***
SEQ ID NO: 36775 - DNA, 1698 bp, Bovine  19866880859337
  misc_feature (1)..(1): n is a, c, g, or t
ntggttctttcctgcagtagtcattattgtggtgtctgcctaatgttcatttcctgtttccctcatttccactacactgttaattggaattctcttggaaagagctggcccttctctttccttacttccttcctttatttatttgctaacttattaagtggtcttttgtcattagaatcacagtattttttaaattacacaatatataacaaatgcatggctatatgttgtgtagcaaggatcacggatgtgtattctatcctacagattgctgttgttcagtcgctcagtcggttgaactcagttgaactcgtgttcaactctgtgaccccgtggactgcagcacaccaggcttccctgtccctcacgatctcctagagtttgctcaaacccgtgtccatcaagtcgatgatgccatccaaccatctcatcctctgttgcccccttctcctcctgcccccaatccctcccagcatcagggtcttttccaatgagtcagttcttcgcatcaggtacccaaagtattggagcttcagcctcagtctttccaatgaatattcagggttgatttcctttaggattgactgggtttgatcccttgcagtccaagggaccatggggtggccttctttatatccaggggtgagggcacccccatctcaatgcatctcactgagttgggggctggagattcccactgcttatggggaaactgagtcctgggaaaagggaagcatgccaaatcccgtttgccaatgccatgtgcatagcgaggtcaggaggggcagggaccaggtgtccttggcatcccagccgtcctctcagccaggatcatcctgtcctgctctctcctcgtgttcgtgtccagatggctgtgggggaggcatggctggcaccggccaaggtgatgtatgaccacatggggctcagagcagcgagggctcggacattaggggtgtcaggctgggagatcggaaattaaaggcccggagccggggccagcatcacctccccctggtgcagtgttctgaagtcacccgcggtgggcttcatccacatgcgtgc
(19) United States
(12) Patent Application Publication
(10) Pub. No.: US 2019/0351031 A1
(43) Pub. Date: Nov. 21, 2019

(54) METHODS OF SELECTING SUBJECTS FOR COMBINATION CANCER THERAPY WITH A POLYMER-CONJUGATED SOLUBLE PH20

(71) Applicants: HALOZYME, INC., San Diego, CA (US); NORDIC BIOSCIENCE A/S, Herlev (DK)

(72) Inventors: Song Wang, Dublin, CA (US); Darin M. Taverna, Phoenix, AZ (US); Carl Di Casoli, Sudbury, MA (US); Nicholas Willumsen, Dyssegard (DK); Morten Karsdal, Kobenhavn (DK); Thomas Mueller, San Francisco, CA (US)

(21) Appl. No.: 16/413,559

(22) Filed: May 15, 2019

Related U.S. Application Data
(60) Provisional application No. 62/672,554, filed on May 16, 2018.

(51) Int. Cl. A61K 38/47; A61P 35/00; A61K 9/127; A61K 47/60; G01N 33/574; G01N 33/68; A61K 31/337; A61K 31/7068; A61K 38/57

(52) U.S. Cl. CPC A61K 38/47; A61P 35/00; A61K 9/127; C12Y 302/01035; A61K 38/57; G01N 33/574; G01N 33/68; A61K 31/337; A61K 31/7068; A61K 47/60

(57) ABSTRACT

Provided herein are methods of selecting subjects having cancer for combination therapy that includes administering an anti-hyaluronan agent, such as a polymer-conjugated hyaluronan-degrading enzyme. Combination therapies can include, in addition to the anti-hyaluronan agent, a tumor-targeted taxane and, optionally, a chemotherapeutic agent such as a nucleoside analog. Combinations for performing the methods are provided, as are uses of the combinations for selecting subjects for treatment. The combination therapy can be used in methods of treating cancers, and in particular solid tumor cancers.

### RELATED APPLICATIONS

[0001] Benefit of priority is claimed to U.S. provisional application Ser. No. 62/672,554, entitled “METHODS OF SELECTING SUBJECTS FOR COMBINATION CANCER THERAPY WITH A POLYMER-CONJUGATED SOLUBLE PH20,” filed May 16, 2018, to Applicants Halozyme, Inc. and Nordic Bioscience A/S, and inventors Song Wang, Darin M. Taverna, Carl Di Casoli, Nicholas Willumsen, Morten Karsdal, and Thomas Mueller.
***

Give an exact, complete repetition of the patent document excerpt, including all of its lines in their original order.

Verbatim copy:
SEQ ID NO: 36775 - DNA, 1698 bp, Bovine  19866880859337
  misc_feature (1)..(1): n is a, c, g, or t
ntggttctttcctgcagtagtcattattgtggtgtctgcctaatgttcatttcctgtttccctcatttccactacactgttaattggaattctcttggaaagagctggcccttctctttccttacttccttcctttatttatttgctaacttattaagtggtcttttgtcattagaatcacagtattttttaaattacacaatatataacaaatgcatggctatatgttgtgtagcaaggatcacggatgtgtattctatcctacagattgctgttgttcagtcgctcagtcggttgaactcagttgaactcgtgttcaactctgtgaccccgtggactgcagcacaccaggcttccctgtccctcacgatctcctagagtttgctcaaacccgtgtccatcaagtcgatgatgccatccaaccatctcatcctctgttgcccccttctcctcctgcccccaatccctcccagcatcagggtcttttccaatgagtcagttcttcgcatcaggtacccaaagtattggagcttcagcctcagtctttccaatgaatattcagggttgatttcctttaggattgactgggtttgatcccttgcagtccaagggaccatggggtggccttctttatatccaggggtgagggcacccccatctcaatgcatctcactgagttgggggctggagattcccactgcttatggggaaactgagtcctgggaaaagggaagcatgccaaatcccgtttgccaatgccatgtgcatagcgaggtcaggaggggcagggaccaggtgtccttggcatcccagccgtcctctcagccaggatcatcctgtcctgctctctcctcgtgttcgtgtccagatggctgtgggggaggcatggctggcaccggccaaggtgatgtatgaccacatggggctcagagcagcgagggctcggacattaggggtgtcaggctgggagatcggaaattaaaggcccggagccggggccagcatcacctccccctggtgcagtgttctgaagtcacccgcggtgggcttcatccacatgcgtgc
(19) United States
(12) Patent Application Publication
(10) Pub. No.: US 2019/0351031 A1
(43) Pub. Date: Nov. 21, 2019

(54) METHODS OF SELECTING SUBJECTS FOR COMBINATION CANCER THERAPY WITH A POLYMER-CONJUGATED SOLUBLE PH20

(71) Applicants: HALOZYME, INC., San Diego, CA (US); NORDIC BIOSCIENCE A/S, Herlev (DK)

(72) Inventors: Song Wang, Dublin, CA (US); Darin M. Taverna, Phoenix, AZ (US); Carl Di Casoli, Sudbury, MA (US); Nicholas Willumsen, Dyssegard (DK); Morten Karsdal, Kobenhavn (DK); Thomas Mueller, San Francisco, CA (US)

(21) Appl. No.: 16/413,559

(22) Filed: May 15, 2019

Related U.S. Application Data
(60) Provisional application No. 62/672,554, filed on May 16, 2018.

(51) Int. Cl. A61K 38/47; A61P 35/00; A61K 9/127; A61K 47/60; G01N 33/574; G01N 33/68; A61K 31/337; A61K 31/7068; A61K 38/57

(52) U.S. Cl. CPC A61K 38/47; A61P 35/00; A61K 9/127; C12Y 302/01035; A61K 38/57; G01N 33/574; G01N 33/68; A61K 31/337; A61K 31/7068; A61K 47/60

(57) ABSTRACT

Provided herein are methods of selecting subjects having cancer for combination therapy that includes administering an anti-hyaluronan agent, such as a polymer-conjugated hyaluronan-degrading enzyme. Combination therapies can include, in addition to the anti-hyaluronan agent, a tumor-targeted taxane and, optionally, a chemotherapeutic agent such as a nucleoside analog. Combinations for performing the methods are provided, as are uses of the combinations for selecting subjects for treatment. The combination therapy can be used in methods of treating cancers, and in particular solid tumor cancers.

### RELATED APPLICATIONS

[0001] Benefit of priority is claimed to U.S. provisional application Ser. No. 62/672,554, entitled “METHODS OF SELECTING SUBJECTS FOR COMBINATION CANCER THERAPY WITH A POLYMER-CONJUGATED SOLUBLE PH20,” filed May 16, 2018, to Applicants Halozyme, Inc. and Nordic Bioscience A/S, and inventors Song Wang, Darin M. Taverna, Carl Di Casoli, Nicholas Willumsen, Morten Karsdal, and Thomas Mueller.